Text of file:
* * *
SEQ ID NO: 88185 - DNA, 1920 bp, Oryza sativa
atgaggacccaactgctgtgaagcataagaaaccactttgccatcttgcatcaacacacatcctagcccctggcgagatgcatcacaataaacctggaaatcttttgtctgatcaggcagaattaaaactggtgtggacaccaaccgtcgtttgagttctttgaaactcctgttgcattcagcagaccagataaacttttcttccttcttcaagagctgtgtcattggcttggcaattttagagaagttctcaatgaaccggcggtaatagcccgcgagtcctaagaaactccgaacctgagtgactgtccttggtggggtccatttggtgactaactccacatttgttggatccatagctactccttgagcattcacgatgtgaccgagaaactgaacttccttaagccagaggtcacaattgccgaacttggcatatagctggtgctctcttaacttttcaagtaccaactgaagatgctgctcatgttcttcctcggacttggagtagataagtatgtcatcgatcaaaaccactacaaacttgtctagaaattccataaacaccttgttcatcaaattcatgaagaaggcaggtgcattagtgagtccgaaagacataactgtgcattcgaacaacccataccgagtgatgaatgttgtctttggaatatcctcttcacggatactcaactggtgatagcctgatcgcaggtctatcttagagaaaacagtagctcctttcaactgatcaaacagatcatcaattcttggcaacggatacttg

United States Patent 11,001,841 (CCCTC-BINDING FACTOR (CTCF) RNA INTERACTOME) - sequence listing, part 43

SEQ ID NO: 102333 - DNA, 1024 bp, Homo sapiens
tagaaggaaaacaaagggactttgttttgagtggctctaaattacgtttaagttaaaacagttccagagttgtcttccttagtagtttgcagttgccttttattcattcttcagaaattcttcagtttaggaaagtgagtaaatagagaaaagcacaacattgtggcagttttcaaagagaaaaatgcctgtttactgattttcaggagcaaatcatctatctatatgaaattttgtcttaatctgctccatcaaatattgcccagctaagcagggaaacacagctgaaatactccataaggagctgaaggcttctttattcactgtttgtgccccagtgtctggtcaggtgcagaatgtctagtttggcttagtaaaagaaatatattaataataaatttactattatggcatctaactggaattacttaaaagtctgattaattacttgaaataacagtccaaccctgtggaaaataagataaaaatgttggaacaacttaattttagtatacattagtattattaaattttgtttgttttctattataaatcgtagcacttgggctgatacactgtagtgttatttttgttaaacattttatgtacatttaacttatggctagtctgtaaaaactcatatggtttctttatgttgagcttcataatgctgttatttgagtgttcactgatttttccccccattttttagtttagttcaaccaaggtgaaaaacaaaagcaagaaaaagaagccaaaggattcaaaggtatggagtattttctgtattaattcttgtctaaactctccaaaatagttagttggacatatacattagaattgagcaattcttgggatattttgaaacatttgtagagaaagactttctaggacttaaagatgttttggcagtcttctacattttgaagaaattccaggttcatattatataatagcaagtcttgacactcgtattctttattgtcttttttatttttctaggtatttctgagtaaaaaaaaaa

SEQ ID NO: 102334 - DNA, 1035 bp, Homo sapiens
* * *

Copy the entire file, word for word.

SEQ ID NO: 88185 - DNA, 1920 bp, Oryza sativa
atgaggacccaactgctgtgaagcataagaaaccactttgccatcttgcatcaacacacatcctagcccctggcgagatgcatcacaataaacctggaaatcttttgtctgatcaggcagaattaaaactggtgtggacaccaaccgtcgtttgagttctttgaaactcctgttgcattcagcagaccagataaacttttcttccttcttcaagagctgtgtcattggcttggcaattttagagaagttctcaatgaaccggcggtaatagcccgcgagtcctaagaaactccgaacctgagtgactgtccttggtggggtccatttggtgactaactccacatttgttggatccatagctactccttgagcattcacgatgtgaccgagaaactgaacttccttaagccagaggtcacaattgccgaacttggcatatagctggtgctctcttaacttttcaagtaccaactgaagatgctgctcatgttcttcctcggacttggagtagataagtatgtcatcgatcaaaaccactacaaacttgtctagaaattccataaacaccttgttcatcaaattcatgaagaaggcaggtgcattagtgagtccgaaagacataactgtgcattcgaacaacccataccgagtgatgaatgttgtctttggaatatcctcttcacggatactcaactggtgatagcctgatcgcaggtctatcttagagaaaacagtagctcctttcaactgatcaaacagatcatcaattcttggcaacggatacttg

United States Patent 11,001,841 (CCCTC-BINDING FACTOR (CTCF) RNA INTERACTOME) - sequence listing, part 43

SEQ ID NO: 102333 - DNA, 1024 bp, Homo sapiens
tagaaggaaaacaaagggactttgttttgagtggctctaaattacgtttaagttaaaacagttccagagttgtcttccttagtagtttgcagttgccttttattcattcttcagaaattcttcagtttaggaaagtgagtaaatagagaaaagcacaacattgtggcagttttcaaagagaaaaatgcctgtttactgattttcaggagcaaatcatctatctatatgaaattttgtcttaatctgctccatcaaatattgcccagctaagcagggaaacacagctgaaatactccataaggagctgaaggcttctttattcactgtttgtgccccagtgtctggtcaggtgcagaatgtctagtttggcttagtaaaagaaatatattaataataaatttactattatggcatctaactggaattacttaaaagtctgattaattacttgaaataacagtccaaccctgtggaaaataagataaaaatgttggaacaacttaattttagtatacattagtattattaaattttgtttgttttctattataaatcgtagcacttgggctgatacactgtagtgttatttttgttaaacattttatgtacatttaacttatggctagtctgtaaaaactcatatggtttctttatgttgagcttcataatgctgttatttgagtgttcactgatttttccccccattttttagtttagttcaaccaaggtgaaaaacaaaagcaagaaaaagaagccaaaggattcaaaggtatggagtattttctgtattaattcttgtctaaactctccaaaatagttagttggacatatacattagaattgagcaattcttgggatattttgaaacatttgtagagaaagactttctaggacttaaagatgttttggcagtcttctacattttgaagaaattccaggttcatattatataatagcaagtcttgacactcgtattctttattgtcttttttatttttctaggtatttctgagtaaaaaaaaaa

SEQ ID NO: 102334 - DNA, 1035 bp, Homo sapiens